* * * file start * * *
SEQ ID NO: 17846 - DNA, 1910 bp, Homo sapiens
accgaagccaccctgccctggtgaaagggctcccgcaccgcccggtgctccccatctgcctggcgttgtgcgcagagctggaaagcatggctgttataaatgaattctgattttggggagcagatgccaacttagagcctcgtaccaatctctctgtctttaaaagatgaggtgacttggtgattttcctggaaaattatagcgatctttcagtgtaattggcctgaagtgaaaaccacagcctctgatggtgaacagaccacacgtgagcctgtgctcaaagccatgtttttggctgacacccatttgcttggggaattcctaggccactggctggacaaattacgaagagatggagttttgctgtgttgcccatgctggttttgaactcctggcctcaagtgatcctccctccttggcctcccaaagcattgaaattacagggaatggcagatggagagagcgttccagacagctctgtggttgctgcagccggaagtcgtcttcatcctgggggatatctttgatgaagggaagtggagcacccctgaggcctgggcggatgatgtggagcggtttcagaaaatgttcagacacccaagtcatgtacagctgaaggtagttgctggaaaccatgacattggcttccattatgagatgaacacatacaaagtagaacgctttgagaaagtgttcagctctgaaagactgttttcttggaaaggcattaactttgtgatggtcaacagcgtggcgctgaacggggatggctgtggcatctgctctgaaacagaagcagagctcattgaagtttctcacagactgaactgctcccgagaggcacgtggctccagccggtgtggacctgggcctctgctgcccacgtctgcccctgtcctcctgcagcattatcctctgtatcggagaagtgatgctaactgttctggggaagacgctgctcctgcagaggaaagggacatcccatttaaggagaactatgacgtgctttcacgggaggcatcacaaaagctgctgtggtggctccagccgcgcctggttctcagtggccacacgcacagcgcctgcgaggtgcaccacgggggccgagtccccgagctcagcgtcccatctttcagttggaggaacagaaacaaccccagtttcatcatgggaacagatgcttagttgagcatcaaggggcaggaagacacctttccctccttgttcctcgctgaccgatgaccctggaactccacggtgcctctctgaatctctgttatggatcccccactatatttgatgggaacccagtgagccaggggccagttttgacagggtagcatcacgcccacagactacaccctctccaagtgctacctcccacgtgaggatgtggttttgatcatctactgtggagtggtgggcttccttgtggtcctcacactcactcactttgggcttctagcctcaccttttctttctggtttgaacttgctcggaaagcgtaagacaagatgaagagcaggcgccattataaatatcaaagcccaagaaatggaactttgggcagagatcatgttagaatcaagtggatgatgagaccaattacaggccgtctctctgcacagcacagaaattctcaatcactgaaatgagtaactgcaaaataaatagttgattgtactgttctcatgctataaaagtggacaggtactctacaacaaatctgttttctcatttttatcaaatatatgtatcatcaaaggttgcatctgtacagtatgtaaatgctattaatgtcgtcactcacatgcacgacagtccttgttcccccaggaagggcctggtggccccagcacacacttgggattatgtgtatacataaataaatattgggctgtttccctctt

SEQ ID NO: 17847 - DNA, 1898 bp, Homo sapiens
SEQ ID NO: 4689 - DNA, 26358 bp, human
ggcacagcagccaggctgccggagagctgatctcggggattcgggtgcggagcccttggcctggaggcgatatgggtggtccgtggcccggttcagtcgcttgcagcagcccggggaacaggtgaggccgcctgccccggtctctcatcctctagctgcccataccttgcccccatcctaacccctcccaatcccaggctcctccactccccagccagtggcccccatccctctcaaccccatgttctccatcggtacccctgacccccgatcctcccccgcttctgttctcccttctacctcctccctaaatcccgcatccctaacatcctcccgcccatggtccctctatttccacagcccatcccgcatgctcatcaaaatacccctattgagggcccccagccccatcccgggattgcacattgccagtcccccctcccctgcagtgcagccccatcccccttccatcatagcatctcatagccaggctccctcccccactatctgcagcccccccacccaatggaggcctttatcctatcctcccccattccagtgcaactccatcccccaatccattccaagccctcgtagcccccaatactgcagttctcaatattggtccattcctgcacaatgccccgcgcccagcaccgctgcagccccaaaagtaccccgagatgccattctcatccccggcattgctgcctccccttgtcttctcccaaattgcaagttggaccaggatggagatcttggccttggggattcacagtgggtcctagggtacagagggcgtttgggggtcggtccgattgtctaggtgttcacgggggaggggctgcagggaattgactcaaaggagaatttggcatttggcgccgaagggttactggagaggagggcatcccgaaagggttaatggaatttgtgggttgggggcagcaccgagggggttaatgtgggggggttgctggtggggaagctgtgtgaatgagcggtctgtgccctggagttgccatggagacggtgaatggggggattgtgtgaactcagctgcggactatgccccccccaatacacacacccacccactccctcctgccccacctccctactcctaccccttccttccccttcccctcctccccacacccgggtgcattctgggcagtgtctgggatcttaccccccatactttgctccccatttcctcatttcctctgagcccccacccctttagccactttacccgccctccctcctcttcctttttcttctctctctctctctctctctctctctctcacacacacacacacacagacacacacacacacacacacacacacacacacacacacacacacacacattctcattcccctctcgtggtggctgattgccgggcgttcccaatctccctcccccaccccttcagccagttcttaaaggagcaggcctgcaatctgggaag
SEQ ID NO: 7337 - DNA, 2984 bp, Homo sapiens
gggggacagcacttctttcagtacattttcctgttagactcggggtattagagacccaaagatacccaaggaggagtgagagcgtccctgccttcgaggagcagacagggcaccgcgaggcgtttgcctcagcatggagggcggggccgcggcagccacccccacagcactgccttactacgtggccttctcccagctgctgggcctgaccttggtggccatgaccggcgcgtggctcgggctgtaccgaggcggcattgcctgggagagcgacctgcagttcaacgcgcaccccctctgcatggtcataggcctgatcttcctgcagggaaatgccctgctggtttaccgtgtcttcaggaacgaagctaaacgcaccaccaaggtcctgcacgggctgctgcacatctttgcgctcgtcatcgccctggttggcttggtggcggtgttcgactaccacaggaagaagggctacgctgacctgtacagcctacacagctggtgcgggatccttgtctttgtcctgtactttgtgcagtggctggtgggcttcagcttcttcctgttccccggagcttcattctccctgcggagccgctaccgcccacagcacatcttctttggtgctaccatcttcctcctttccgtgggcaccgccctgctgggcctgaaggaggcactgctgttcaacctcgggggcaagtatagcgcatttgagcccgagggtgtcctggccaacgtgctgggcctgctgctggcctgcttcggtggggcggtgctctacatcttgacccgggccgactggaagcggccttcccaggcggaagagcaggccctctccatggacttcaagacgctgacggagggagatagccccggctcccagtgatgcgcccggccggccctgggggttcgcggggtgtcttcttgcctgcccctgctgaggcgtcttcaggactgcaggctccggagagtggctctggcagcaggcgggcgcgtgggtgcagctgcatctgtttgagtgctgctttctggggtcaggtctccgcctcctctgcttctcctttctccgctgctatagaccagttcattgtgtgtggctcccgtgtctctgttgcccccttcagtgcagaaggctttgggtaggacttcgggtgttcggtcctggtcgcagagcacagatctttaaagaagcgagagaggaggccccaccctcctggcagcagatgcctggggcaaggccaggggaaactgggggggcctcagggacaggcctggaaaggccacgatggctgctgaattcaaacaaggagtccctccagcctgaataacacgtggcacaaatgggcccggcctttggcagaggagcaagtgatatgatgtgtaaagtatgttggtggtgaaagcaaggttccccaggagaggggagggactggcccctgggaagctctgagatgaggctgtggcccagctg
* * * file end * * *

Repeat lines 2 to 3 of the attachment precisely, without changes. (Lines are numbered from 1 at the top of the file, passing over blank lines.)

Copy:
accgaagccaccctgccctggtgaaagggctcccgcaccgcccggtgctccccatctgcctggcgttgtgcgcagagctggaaagcatggctgttataaatgaattctgattttggggagcagatgccaacttagagcctcgtaccaatctctctgtctttaaaagatgaggtgacttggtgattttcctggaaaattatagcgatctttcagtgtaattggcctgaagtgaaaaccacagcctctgatggtgaacagaccacacgtgagcctgtgctcaaagccatgtttttggctgacacccatttgcttggggaattcctaggccactggctggacaaattacgaagagatggagttttgctgtgttgcccatgctggttttgaactcctggcctcaagtgatcctccctccttggcctcccaaagcattgaaattacagggaatggcagatggagagagcgttccagacagctctgtggttgctgcagccggaagtcgtcttcatcctgggggatatctttgatgaagggaagtggagcacccctgaggcctgggcggatgatgtggagcggtttcagaaaatgttcagacacccaagtcatgtacagctgaaggtagttgctggaaaccatgacattggcttccattatgagatgaacacatacaaagtagaacgctttgagaaagtgttcagctctgaaagactgttttcttggaaaggcattaactttgtgatggtcaacagcgtggcgctgaacggggatggctgtggcatctgctctgaaacagaagcagagctcattgaagtttctcacagactgaactgctcccgagaggcacgtggctccagccggtgtggacctgggcctctgctgcccacgtctgcccctgtcctcctgcagcattatcctctgtatcggagaagtgatgctaactgttctggggaagacgctgctcctgcagaggaaagggacatcccatttaaggagaactatgacgtgctttcacgggaggcatcacaaaagctgctgtggtggctccagccgcgcctggttctcagtggccacacgcacagcgcctgcgaggtgcaccacgggggccgagtccccgagctcagcgtcccatctttcagttggaggaacagaaacaaccccagtttcatcatgggaacagatgcttagttgagcatcaaggggcaggaagacacctttccctccttgttcctcgctgaccgatgaccctggaactccacggtgcctctctgaatctctgttatggatcccccactatatttgatgggaacccagtgagccaggggccagttttgacagggtagcatcacgcccacagactacaccctctccaagtgctacctcccacgtgaggatgtggttttgatcatctactgtggagtggtgggcttccttgtggtcctcacactcactcactttgggcttctagcctcaccttttctttctggtttgaacttgctcggaaagcgtaagacaagatgaagagcaggcgccattataaatatcaaagcccaagaaatggaactttgggcagagatcatgttagaatcaagtggatgatgagaccaattacaggccgtctctctgcacagcacagaaattctcaatcactgaaatgagtaactgcaaaataaatagttgattgtactgttctcatgctataaaagtggacaggtactctacaacaaatctgttttctcatttttatcaaatatatgtatcatcaaaggttgcatctgtacagtatgtaaatgctattaatgtcgtcactcacatgcacgacagtccttgttcccccaggaagggcctggtggccccagcacacacttgggattatgtgtatacataaataaatattgggctgtttccctctt

SEQ ID NO: 17847 - DNA, 1898 bp, Homo sapiens